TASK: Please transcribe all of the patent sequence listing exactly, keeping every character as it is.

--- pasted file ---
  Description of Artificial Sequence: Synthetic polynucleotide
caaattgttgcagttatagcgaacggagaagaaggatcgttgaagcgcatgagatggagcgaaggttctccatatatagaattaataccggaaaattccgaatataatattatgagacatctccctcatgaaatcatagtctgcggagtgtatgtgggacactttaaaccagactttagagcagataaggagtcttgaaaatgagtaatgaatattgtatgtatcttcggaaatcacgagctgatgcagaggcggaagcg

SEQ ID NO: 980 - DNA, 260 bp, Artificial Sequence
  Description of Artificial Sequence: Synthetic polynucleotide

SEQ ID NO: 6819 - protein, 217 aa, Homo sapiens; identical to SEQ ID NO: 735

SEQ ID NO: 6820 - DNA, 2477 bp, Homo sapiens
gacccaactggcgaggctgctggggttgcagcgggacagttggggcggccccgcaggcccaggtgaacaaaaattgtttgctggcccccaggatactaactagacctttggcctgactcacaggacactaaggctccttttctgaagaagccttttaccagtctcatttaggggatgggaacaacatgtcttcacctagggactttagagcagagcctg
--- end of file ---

  Description of Artificial Sequence: Synthetic polynucleotide
caaattgttgcagttatagcgaacggagaagaaggatcgttgaagcgcatgagatggagcgaaggttctccatatatagaattaataccggaaaattccgaatataatattatgagacatctccctcatgaaatcatagtctgcggagtgtatgtgggacactttaaaccagactttagagcagataaggagtcttgaaaatgagtaatgaatattgtatgtatcttcggaaatcacgagctgatgcagaggcggaagcg

SEQ ID NO: 980 - DNA, 260 bp, Artificial Sequence
  Description of Artificial Sequence: Synthetic polynucleotide

SEQ ID NO: 6819 - protein, 217 aa, Homo sapiens; identical to SEQ ID NO: 735

SEQ ID NO: 6820 - DNA, 2477 bp, Homo sapiens
gacccaactggcgaggctgctggggttgcagcgggacagttggggcggccccgcaggcccaggtgaacaaaaattgtttgctggcccccaggatactaactagacctttggcctgactcacaggacactaaggctccttttctgaagaagccttttaccagtctcatttaggggatgggaacaacatgtcttcacctagggactttagagcagagcctg